Cannabis dispensary plan stirs debate

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By Harrison Thrasher and Jasmine Watts
The Mason Times

Screen Shot 2015-04-22 at 1.51.44 AMThe City of Mason planning commission has proposed a medical cannabis ordinance that would allow for a dispensary within the town.

Citizens and officials have been debating the idea, mostly whether a dispensary would be morally and economically efficient in Mason.

A medical cannabis dispensary could have economic benefits, such as creating jobs and supplying income that could benefit the city. A popular example is Colorado, one of the first states to completely legalize cannabis.

The Colorado Department of Revenue reported billions in tax revenue since legalization of dispensaries, including a large increase every year.

One dispensary will not generate billions for Mason, but Colorado’s experience could be a positive indicator and could be encouraging to those who want to give an economic boost to the city.

One issue that sticks out is the legality of having a dispensary. Although Michigan passed a law legalizing the use of medical cannabis, the act still remains illegal under federal law. City Attorney Thomas Hitch cited a Michigan Supreme Court ruling that called for full regulation of dispensaries, meaning they merely cannot be operated independently.

“There was an opening for locals to make regulations,” said Hitch. “The question is to what extent local regulation would be deemed lawful before residents or patients could bring it before the court.”

If the ordinance is approved, the city would have to regulate the dispensary under Michigan law. The city would have to regulate at a level large enough to meet state requirements, but also at a level low enough to not interfere with the practices of the dispensary.

Many people suffer from diseases that require medical marijuana for their health.

“Since medical marijuana is available in nearby towns, I don’t believe we need dispensaries here. As long as the patients who need medical marijuana can still use it here, there shouldn’t be any problems” said Marsha Taylor, 34, Mason resident.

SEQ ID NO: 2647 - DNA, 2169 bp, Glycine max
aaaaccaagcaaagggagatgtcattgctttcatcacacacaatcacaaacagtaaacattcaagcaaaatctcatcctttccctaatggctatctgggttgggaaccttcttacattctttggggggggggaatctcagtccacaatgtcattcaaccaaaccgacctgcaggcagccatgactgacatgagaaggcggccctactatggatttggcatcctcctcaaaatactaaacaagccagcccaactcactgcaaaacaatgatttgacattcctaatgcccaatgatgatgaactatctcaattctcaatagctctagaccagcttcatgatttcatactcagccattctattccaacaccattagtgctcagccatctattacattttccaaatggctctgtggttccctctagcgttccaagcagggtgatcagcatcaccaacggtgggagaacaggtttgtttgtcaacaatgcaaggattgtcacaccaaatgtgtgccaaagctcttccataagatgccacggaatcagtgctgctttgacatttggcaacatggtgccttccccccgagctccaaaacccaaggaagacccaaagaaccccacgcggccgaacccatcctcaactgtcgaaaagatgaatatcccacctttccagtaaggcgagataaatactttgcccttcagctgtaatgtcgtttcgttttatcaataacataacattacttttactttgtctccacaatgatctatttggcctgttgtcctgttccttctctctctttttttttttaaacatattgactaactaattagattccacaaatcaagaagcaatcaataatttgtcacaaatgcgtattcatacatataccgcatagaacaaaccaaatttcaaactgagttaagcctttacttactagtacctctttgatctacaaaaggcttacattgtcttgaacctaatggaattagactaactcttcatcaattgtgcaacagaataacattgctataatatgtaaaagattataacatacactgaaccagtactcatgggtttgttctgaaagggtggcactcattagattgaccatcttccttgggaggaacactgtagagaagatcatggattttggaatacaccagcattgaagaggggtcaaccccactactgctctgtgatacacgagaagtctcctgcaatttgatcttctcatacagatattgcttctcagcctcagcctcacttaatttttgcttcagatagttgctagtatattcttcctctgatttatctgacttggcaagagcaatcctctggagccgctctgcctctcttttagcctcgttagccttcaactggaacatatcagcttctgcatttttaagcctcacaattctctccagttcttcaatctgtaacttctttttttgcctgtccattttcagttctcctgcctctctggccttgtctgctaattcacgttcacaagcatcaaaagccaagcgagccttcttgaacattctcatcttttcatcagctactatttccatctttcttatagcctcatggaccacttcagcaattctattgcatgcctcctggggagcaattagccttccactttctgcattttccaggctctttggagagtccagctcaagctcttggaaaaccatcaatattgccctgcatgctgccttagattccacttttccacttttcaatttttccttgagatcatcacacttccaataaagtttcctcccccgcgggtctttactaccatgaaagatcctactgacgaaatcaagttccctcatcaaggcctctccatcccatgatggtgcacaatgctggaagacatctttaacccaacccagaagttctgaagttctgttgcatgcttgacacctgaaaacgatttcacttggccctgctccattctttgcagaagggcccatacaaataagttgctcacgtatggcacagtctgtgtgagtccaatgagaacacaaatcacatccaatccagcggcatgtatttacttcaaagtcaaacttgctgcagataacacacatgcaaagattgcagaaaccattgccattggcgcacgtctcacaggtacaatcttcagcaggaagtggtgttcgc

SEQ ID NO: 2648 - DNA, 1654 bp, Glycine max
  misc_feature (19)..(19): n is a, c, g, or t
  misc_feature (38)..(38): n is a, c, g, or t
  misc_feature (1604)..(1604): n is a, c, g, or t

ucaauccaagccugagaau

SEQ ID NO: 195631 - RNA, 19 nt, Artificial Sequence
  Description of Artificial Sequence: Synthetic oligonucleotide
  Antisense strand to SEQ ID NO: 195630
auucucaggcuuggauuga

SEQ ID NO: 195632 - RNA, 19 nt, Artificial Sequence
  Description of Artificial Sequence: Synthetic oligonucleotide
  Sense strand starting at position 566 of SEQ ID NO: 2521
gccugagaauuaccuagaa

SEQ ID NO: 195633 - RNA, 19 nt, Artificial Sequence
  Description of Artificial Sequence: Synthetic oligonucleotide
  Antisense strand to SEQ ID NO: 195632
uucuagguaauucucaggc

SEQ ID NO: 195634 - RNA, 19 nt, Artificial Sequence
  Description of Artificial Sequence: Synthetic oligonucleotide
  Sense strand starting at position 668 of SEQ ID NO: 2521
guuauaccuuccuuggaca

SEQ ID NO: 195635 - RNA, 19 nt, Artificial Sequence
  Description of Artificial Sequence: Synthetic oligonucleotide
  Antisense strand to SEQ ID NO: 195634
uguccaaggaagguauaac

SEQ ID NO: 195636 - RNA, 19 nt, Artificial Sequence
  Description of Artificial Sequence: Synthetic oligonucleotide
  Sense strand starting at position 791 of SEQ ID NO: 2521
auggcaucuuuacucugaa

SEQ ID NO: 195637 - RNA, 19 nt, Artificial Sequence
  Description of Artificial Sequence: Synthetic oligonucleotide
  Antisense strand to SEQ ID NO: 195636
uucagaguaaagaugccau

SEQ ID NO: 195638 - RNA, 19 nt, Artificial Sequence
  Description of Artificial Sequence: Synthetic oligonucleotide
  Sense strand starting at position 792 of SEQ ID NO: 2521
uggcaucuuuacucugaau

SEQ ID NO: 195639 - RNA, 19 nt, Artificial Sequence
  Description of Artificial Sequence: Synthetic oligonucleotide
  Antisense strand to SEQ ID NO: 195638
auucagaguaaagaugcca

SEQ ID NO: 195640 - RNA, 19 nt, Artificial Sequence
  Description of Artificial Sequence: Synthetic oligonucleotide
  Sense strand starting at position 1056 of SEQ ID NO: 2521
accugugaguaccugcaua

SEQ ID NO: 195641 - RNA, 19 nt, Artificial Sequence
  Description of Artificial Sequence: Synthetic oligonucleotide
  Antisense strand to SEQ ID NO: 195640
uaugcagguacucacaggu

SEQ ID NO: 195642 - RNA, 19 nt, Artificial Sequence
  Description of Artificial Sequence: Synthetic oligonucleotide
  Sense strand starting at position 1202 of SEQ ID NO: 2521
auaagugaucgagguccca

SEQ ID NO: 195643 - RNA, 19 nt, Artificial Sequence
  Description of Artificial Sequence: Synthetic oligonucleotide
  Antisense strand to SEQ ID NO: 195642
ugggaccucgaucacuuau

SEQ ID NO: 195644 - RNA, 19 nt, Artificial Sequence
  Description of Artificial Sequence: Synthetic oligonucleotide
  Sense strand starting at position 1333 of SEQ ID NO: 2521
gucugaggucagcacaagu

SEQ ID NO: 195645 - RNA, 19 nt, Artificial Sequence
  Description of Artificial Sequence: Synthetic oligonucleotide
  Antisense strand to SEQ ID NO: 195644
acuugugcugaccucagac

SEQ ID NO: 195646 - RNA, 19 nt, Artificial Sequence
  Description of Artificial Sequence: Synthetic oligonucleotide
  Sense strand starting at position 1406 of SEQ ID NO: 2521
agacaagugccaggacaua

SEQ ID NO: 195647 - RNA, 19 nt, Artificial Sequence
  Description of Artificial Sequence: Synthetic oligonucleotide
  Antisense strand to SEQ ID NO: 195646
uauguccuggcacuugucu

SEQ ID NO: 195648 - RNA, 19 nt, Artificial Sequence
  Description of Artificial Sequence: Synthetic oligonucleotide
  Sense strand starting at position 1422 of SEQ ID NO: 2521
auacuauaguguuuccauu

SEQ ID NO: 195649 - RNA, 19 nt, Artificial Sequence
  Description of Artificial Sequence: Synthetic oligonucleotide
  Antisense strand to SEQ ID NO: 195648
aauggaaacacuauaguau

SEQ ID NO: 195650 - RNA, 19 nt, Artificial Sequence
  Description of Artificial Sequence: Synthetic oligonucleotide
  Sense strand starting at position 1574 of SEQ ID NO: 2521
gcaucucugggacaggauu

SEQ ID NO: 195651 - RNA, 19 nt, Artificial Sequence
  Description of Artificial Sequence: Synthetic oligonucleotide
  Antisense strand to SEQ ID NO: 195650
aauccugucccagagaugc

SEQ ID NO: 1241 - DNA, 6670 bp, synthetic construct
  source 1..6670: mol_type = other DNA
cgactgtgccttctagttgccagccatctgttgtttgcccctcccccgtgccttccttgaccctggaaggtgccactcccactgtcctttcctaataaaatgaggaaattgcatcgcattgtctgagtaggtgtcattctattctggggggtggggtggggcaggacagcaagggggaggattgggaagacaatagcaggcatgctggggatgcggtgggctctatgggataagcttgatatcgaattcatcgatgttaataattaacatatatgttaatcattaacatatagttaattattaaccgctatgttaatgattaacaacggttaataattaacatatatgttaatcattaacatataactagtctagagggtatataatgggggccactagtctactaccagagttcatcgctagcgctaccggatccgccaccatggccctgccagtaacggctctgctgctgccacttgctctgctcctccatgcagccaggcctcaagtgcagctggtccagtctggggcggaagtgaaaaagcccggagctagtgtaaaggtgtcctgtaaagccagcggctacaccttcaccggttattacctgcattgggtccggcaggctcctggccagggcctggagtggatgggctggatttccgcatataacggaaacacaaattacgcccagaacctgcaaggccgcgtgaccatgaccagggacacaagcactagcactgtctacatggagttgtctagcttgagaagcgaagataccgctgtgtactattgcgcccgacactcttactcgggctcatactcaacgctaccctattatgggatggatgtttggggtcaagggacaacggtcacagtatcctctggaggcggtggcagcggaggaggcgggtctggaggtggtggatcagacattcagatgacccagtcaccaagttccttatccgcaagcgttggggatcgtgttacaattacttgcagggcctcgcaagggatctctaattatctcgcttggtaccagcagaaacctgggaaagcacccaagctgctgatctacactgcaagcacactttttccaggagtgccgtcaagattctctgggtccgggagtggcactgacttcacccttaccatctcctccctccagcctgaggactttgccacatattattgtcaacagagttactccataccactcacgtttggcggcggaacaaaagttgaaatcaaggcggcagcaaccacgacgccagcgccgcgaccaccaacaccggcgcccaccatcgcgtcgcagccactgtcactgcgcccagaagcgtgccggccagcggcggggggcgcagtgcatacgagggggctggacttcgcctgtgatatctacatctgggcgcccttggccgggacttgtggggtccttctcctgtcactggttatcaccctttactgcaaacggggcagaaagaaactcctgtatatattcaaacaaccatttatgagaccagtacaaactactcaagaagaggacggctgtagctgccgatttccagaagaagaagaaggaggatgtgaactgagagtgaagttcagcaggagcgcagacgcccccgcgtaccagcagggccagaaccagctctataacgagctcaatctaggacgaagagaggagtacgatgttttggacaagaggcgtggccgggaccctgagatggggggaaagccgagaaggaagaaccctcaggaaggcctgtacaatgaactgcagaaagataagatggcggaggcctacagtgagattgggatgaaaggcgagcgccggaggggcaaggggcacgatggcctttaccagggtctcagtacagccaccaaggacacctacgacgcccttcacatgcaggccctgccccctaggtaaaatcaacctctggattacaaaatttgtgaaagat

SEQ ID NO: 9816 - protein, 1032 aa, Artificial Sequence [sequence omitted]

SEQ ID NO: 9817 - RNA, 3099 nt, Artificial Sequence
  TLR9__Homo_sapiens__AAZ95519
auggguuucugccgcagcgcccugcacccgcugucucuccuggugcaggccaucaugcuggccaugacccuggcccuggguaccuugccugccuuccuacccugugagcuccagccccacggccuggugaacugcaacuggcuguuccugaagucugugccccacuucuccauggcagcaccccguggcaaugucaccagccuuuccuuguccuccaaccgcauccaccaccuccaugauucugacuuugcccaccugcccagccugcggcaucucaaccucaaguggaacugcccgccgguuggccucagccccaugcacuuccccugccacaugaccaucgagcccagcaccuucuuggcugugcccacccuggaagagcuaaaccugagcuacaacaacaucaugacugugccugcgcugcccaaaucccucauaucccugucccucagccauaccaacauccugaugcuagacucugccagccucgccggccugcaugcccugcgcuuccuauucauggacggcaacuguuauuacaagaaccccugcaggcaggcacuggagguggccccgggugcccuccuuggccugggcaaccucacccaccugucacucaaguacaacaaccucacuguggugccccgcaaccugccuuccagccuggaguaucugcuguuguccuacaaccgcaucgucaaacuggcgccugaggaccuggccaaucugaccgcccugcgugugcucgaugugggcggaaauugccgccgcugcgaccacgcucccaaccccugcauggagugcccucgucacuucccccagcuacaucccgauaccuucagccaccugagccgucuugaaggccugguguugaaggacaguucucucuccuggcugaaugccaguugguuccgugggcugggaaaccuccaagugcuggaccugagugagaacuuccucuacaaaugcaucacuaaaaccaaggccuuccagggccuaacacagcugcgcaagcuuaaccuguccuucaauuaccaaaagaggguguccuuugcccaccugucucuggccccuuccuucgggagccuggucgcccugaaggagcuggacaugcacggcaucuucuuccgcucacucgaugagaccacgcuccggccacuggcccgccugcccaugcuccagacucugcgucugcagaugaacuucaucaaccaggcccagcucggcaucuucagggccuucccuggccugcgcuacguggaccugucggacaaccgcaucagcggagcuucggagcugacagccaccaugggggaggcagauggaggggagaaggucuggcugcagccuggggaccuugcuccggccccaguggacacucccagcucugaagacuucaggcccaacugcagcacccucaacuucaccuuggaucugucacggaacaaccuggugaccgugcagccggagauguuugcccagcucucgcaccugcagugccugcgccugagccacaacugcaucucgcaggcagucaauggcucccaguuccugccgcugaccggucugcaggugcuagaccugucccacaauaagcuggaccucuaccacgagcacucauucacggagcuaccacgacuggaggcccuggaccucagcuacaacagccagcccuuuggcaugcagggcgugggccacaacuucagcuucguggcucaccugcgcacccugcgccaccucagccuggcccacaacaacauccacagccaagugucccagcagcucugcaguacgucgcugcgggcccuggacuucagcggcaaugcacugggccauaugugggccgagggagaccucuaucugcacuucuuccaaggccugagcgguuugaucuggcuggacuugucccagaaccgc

Although 59% of Mason voters agree with Taylor, based on a 2012 vote, other Mason residents disagree and would like dispensaries in the city.

“I have glaucoma. It that affects my vision and I am not able to drive any more,” said Kenneth  Nelson, 62, Mason resident. “Traveling further to get medical marijuana is an inconvenience. I should be able to get my prescription in Mason since the measure passed.”

Another issue with the ordinance is the concern over safety. There are certain risks involved with a business such as this in a town like Mason, according to city officials.

“Something that’s going on in Colorado is that the whole business is run on cash, because the sales are not federally approved,” said Planning Board Chairman Ed Reeser. “Many dispensary robberies result in the theft of all the cash.”

This means that the dispensary would have to be in a secure location, while also abiding with regulations that it not be on a main street or near locations such as a school or church.

“From a city standpoint, there are a lot of concerns about dispensaries; how close to schools would this be allowed, where in terms of zoning can you permit this, how it then impacts surrounding businesses, homes, property values and criminal activity,” said Marlon Brown, mayor pro tem.

Police Chief John Stressman said, “It will be difficult on police to identify illegal activity with a dispensary in the town. We worry about these substances attracting more illegal activity from third parties, both in sales and theft.”

Stressman expressed concern over the potential of more illegal sales within the community. However, a study by the Drug Policy Alliance has found that the number of arrests for illegal distribution decreased drastically in Colorado once dispensaries were legalized.

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Mason’s proposal had been tabled for several years to process all information before making a decision. Mayor Michael Waltz says that the proposal needs to start moving.

“When we embarked on this a few years ago, we chose to go the path of a moratorium,” said Waltz. “We may repeal what we have, and enact another moratorium and wait to see what Michigan Legislature does.”

What this would mean for Mason is a possible re-tabling of the ordinance that could actually make passing it easier in the future should the state laws become more definite. However, without a guarantee.

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